Saudi Arabia on Wednesday approved its general budget for the 2024 fiscal year, which forecasts a deficit of 79 billion Saudi riyals ($21.1 billion), accounting for nearly 1.9 per cent of the country's gross domestic product, the kingdom’s Ministry of Finance said.
The Arab world’s largest economy estimated total revenue at 1.17 trillion riyals next year, while total expenditure is projected at 1.25 trillion riyals, the ministry said in a statement.
“The FY 2024 budget confirms that the government will continue funding and supporting the implementation of programmes, initiatives and economic transformation projects in line with Saudi Vision 2030, while maintaining discipline for fiscal sustainability targets in the medium and long-term,” the ministry said.
The kingdom’s cabinet, chaired by King Salman, reviewed and approved the state’s general budget for the next fiscal year.
He “directed the ministers and officials to actively commit to implementing the development and social programmes and projects included in the budget”, state news agency SPA reported.
The 2024 national budget aims to boost growth in the non-oil economy by increasing spending and investment in infrastructure, local industry and services, Saudi Arabia's Crown Prince Mohammed bin Salman said, as reported by SPA.
He said the government is also working to boost its reserves and maintain a sustainable level of public debt.
The budget’s higher spending for next year aims to boost growth, Prince Mohammed said.
“Despite the ongoing state of uncertainty, global inflation rates are declining at a faster pace than expected, which will improve global economic performance, stimulate investment markets and maintain low unemployment rates, resulting in a positive impact on the kingdom's economy,” Minister of Finance Mohammed Al Jadaan said.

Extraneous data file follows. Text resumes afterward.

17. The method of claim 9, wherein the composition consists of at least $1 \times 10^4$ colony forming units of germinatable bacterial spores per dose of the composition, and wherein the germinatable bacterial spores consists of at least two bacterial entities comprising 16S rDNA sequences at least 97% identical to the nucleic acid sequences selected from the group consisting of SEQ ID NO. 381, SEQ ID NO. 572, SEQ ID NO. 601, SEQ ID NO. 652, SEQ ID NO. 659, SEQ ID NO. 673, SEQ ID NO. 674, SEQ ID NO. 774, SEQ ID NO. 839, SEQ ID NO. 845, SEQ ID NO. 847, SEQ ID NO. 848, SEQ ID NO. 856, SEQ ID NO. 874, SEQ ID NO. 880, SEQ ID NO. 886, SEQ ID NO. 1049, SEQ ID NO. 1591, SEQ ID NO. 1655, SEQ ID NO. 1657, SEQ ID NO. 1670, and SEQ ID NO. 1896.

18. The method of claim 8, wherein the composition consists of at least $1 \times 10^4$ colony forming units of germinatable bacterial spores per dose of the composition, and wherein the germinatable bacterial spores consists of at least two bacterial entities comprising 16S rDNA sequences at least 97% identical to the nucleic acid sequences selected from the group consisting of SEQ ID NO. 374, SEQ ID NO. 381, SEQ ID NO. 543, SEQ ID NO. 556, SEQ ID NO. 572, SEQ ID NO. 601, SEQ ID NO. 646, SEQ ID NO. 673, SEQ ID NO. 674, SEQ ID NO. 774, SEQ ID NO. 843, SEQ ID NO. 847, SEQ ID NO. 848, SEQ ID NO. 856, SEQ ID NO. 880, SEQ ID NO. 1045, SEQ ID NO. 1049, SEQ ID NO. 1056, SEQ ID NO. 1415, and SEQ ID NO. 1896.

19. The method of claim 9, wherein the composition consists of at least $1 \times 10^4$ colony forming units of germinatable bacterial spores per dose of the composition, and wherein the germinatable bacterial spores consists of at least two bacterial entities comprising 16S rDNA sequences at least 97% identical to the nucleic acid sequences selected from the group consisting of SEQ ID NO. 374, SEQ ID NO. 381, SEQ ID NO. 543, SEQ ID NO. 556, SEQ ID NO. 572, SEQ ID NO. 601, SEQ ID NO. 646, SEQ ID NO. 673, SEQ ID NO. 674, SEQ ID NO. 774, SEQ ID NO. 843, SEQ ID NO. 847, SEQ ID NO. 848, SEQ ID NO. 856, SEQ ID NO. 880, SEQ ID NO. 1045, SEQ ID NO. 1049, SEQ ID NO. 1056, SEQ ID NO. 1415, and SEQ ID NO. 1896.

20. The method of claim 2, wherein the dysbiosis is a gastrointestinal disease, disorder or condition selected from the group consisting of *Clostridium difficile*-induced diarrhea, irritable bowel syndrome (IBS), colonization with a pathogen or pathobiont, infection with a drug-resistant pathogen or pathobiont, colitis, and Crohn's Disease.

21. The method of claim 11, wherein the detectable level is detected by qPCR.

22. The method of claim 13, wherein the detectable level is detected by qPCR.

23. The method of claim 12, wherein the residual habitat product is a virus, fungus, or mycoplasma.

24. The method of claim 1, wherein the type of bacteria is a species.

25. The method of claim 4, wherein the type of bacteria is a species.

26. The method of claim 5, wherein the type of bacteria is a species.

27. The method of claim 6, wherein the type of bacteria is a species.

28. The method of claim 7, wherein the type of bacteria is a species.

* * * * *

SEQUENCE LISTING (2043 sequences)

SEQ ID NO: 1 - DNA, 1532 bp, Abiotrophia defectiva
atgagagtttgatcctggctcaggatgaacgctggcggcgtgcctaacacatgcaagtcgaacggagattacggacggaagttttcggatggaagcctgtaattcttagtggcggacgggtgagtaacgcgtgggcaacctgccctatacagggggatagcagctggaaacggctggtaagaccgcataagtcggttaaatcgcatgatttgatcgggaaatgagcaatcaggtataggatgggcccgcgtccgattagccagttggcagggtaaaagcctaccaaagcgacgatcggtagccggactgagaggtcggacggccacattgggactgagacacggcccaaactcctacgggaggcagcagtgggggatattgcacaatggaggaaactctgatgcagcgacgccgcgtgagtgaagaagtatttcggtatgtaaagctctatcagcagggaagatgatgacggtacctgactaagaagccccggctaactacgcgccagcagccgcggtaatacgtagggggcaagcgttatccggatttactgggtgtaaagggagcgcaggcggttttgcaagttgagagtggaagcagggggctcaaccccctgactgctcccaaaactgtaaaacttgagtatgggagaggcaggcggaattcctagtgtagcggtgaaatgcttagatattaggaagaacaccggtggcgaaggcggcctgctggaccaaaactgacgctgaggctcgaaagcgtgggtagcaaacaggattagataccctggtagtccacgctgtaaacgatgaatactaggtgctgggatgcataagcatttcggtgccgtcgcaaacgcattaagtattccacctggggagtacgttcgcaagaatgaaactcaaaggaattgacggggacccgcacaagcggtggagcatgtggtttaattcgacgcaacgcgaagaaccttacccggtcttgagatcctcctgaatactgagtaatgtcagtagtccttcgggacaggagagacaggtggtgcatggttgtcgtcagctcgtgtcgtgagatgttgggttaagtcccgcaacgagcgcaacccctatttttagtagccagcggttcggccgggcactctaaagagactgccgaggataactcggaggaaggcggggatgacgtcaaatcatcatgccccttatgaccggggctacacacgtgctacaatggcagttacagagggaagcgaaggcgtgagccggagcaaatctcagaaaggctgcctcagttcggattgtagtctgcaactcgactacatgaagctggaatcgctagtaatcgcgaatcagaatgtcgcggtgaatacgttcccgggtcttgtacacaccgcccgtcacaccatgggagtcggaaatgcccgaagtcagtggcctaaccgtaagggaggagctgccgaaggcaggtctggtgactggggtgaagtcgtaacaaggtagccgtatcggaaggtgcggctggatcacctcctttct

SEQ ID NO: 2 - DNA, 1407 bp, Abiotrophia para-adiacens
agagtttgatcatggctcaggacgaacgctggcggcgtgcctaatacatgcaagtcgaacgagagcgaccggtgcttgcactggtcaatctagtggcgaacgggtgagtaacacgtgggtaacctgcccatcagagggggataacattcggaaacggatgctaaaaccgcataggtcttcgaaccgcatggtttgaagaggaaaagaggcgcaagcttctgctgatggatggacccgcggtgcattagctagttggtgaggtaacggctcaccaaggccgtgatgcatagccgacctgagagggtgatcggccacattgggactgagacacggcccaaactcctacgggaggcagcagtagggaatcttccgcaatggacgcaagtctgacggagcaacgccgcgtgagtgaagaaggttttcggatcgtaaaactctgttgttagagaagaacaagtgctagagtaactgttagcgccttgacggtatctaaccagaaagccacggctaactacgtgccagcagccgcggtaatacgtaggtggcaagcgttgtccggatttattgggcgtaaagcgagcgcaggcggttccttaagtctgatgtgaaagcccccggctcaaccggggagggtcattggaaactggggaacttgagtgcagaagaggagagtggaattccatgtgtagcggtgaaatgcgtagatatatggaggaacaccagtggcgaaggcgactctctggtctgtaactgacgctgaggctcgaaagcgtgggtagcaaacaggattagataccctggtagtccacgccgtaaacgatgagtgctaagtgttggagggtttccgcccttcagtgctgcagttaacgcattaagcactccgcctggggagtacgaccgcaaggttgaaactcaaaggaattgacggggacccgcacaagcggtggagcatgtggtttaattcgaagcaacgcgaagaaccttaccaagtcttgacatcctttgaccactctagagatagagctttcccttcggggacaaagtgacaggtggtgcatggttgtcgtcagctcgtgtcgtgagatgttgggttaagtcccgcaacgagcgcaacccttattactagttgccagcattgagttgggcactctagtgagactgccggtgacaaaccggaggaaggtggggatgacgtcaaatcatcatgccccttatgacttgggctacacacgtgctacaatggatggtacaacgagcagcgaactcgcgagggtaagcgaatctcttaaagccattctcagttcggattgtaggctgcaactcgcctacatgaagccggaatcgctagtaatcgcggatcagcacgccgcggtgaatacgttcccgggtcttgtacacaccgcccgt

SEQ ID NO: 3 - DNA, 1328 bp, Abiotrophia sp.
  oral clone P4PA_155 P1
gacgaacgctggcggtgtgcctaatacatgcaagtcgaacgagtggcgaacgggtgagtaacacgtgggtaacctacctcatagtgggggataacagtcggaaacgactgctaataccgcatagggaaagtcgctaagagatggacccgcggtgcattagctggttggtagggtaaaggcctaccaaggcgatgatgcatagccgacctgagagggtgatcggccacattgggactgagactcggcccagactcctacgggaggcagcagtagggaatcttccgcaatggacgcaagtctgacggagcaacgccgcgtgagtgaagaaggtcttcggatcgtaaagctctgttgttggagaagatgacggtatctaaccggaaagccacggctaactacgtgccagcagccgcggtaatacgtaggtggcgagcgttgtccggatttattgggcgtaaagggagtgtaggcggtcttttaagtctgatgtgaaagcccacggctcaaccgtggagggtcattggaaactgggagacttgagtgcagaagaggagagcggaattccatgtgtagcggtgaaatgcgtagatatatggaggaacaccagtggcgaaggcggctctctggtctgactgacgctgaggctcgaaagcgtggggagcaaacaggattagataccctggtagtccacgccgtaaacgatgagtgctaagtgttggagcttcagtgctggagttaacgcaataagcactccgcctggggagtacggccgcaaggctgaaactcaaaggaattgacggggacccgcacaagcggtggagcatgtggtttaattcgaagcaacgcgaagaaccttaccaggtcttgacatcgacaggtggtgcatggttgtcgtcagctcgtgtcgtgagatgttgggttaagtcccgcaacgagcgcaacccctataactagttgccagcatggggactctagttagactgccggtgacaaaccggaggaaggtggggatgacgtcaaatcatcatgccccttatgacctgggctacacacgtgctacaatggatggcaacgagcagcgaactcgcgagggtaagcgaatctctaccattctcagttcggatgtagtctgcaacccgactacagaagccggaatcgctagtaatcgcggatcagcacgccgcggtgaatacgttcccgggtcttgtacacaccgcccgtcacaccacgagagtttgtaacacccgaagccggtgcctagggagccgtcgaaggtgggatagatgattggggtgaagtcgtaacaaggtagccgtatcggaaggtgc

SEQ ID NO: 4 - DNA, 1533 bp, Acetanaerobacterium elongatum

The government will “continue domestic and international fiscal operations to bridge the expected 2024 deficit and repay debt due during 2024 and in the medium-term", he added.
"The government also aims to take advantage of available market opportunities to provide additional financing to repay debt obligations in the coming years.”
The finance ministry said total revenue would reach 1.19 trillion riyals in 2023, with oil revenue expected to remain at 752 billion riyals.
The ministry forecast total expenditure at 1.27 trillion riyals for this year, and expected the non-oil GDP growth to be 5.9 per cent.
Saudi Arabia’s economy, which grew by 8.7 per cent last year, the highest annual growth rate among the world's 20 biggest economies, is expected to expand by 0.8 per cent in 2023, according to the International Monetary Fund.
The kingdom, which benefitted from the rally in crude prices last year amid the Ukraine war, has cut oil output in an attempt to stabilise the market.
The country's economy contracted by 4.5 per cent annually in the third quarter, dragged down by oil production caps.
However, the non-oil economy expanded by 3.9 per cent in the three months to the end of September, according to the General Authority for Statistics data.
The IMF expects the kingdom's non-oil economic growth to remain close to 5 per cent in 2023, spurred by strong domestic demand.
Business activity in the kingdom's non-oil private sector economy remained robust in November, driven by a sharp rise in client orders and output amid continued economic momentum in the kingdom, according to the headline Riyad Bank purchasing managers' index released on Tuesday.
Saudi Arabia's index reading dropped to 57.5 last month, from 58.4 in October, but remained well above the 50-point neutral mark that separates expansion from contraction.
The kingdom's non-oil private sector economy expanded despite an increase in raw material prices that drove up selling rates in November.